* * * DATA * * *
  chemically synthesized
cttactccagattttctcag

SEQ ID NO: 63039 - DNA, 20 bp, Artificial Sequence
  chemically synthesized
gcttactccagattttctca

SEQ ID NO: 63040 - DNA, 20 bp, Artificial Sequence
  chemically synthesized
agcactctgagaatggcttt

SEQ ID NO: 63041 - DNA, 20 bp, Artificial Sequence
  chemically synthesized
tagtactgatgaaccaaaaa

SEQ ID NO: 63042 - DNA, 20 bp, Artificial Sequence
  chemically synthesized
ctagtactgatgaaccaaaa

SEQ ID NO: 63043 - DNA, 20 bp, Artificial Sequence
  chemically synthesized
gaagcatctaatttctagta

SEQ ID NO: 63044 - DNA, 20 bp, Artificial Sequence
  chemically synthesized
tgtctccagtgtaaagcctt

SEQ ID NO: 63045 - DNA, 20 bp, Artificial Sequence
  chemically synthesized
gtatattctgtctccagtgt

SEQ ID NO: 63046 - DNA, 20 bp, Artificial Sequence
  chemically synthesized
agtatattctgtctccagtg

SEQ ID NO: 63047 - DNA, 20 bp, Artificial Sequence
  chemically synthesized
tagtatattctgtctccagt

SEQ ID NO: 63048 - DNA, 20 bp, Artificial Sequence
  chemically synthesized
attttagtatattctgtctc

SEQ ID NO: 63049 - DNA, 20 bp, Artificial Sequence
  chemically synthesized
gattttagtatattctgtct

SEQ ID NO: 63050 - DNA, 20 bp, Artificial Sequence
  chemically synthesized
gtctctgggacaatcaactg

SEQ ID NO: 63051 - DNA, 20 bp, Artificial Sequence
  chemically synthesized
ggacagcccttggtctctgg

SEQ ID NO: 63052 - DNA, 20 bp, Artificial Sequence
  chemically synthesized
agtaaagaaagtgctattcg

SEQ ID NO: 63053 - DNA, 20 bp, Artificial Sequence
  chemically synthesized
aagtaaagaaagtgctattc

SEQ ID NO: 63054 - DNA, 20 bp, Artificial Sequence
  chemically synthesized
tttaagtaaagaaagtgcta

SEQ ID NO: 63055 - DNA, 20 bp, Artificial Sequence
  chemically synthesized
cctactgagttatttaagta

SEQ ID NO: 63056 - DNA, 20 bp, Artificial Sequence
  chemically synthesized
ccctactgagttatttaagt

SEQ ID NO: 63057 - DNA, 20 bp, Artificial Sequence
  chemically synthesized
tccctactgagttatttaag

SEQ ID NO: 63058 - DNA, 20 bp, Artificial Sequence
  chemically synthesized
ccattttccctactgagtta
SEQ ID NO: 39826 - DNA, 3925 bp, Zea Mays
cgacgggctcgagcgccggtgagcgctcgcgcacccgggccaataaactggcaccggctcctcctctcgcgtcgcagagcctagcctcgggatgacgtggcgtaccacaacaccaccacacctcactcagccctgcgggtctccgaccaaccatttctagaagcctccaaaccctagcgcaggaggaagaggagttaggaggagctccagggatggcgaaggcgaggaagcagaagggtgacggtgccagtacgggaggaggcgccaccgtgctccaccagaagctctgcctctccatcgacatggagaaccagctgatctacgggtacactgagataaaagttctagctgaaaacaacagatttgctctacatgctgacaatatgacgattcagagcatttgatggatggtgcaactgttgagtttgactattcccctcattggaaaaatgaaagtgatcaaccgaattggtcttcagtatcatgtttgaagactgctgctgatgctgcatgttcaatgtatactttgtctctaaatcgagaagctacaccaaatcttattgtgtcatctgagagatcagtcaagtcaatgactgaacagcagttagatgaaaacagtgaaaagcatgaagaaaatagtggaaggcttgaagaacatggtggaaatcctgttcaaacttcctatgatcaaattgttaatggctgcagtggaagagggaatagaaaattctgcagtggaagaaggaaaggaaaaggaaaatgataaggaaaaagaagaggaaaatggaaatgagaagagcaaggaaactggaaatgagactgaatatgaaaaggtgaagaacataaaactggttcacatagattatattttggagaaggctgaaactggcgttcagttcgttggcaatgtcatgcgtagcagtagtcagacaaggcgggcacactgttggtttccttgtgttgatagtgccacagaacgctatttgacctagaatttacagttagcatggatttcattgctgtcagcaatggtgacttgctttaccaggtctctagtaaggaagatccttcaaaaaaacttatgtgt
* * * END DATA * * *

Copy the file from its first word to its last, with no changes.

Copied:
  chemically synthesized
cttactccagattttctcag

SEQ ID NO: 63039 - DNA, 20 bp, Artificial Sequence
  chemically synthesized
gcttactccagattttctca

SEQ ID NO: 63040 - DNA, 20 bp, Artificial Sequence
  chemically synthesized
agcactctgagaatggcttt

SEQ ID NO: 63041 - DNA, 20 bp, Artificial Sequence
  chemically synthesized
tagtactgatgaaccaaaaa

SEQ ID NO: 63042 - DNA, 20 bp, Artificial Sequence
  chemically synthesized
ctagtactgatgaaccaaaa

SEQ ID NO: 63043 - DNA, 20 bp, Artificial Sequence
  chemically synthesized
gaagcatctaatttctagta

SEQ ID NO: 63044 - DNA, 20 bp, Artificial Sequence
  chemically synthesized
tgtctccagtgtaaagcctt

SEQ ID NO: 63045 - DNA, 20 bp, Artificial Sequence
  chemically synthesized
gtatattctgtctccagtgt

SEQ ID NO: 63046 - DNA, 20 bp, Artificial Sequence
  chemically synthesized
agtatattctgtctccagtg

SEQ ID NO: 63047 - DNA, 20 bp, Artificial Sequence
  chemically synthesized
tagtatattctgtctccagt

SEQ ID NO: 63048 - DNA, 20 bp, Artificial Sequence
  chemically synthesized
attttagtatattctgtctc

SEQ ID NO: 63049 - DNA, 20 bp, Artificial Sequence
  chemically synthesized
gattttagtatattctgtct

SEQ ID NO: 63050 - DNA, 20 bp, Artificial Sequence
  chemically synthesized
gtctctgggacaatcaactg

SEQ ID NO: 63051 - DNA, 20 bp, Artificial Sequence
  chemically synthesized
ggacagcccttggtctctgg

SEQ ID NO: 63052 - DNA, 20 bp, Artificial Sequence
  chemically synthesized
agtaaagaaagtgctattcg

SEQ ID NO: 63053 - DNA, 20 bp, Artificial Sequence
  chemically synthesized
aagtaaagaaagtgctattc

SEQ ID NO: 63054 - DNA, 20 bp, Artificial Sequence
  chemically synthesized
tttaagtaaagaaagtgcta

SEQ ID NO: 63055 - DNA, 20 bp, Artificial Sequence
  chemically synthesized
cctactgagttatttaagta

SEQ ID NO: 63056 - DNA, 20 bp, Artificial Sequence
  chemically synthesized
ccctactgagttatttaagt

SEQ ID NO: 63057 - DNA, 20 bp, Artificial Sequence
  chemically synthesized
tccctactgagttatttaag

SEQ ID NO: 63058 - DNA, 20 bp, Artificial Sequence
  chemically synthesized
ccattttccctactgagtta
SEQ ID NO: 39826 - DNA, 3925 bp, Zea Mays
cgacgggctcgagcgccggtgagcgctcgcgcacccgggccaataaactggcaccggctcctcctctcgcgtcgcagagcctagcctcgggatgacgtggcgtaccacaacaccaccacacctcactcagccctgcgggtctccgaccaaccatttctagaagcctccaaaccctagcgcaggaggaagaggagttaggaggagctccagggatggcgaaggcgaggaagcagaagggtgacggtgccagtacgggaggaggcgccaccgtgctccaccagaagctctgcctctccatcgacatggagaaccagctgatctacgggtacactgagataaaagttctagctgaaaacaacagatttgctctacatgctgacaatatgacgattcagagcatttgatggatggtgcaactgttgagtttgactattcccctcattggaaaaatgaaagtgatcaaccgaattggtcttcagtatcatgtttgaagactgctgctgatgctgcatgttcaatgtatactttgtctctaaatcgagaagctacaccaaatcttattgtgtcatctgagagatcagtcaagtcaatgactgaacagcagttagatgaaaacagtgaaaagcatgaagaaaatagtggaaggcttgaagaacatggtggaaatcctgttcaaacttcctatgatcaaattgttaatggctgcagtggaagagggaatagaaaattctgcagtggaagaaggaaaggaaaaggaaaatgataaggaaaaagaagaggaaaatggaaatgagaagagcaaggaaactggaaatgagactgaatatgaaaaggtgaagaacataaaactggttcacatagattatattttggagaaggctgaaactggcgttcagttcgttggcaatgtcatgcgtagcagtagtcagacaaggcgggcacactgttggtttccttgtgttgatagtgccacagaacgctatttgacctagaatttacagttagcatggatttcattgctgtcagcaatggtgacttgctttaccaggtctctagtaaggaagatccttcaaaaaaacttatgtgt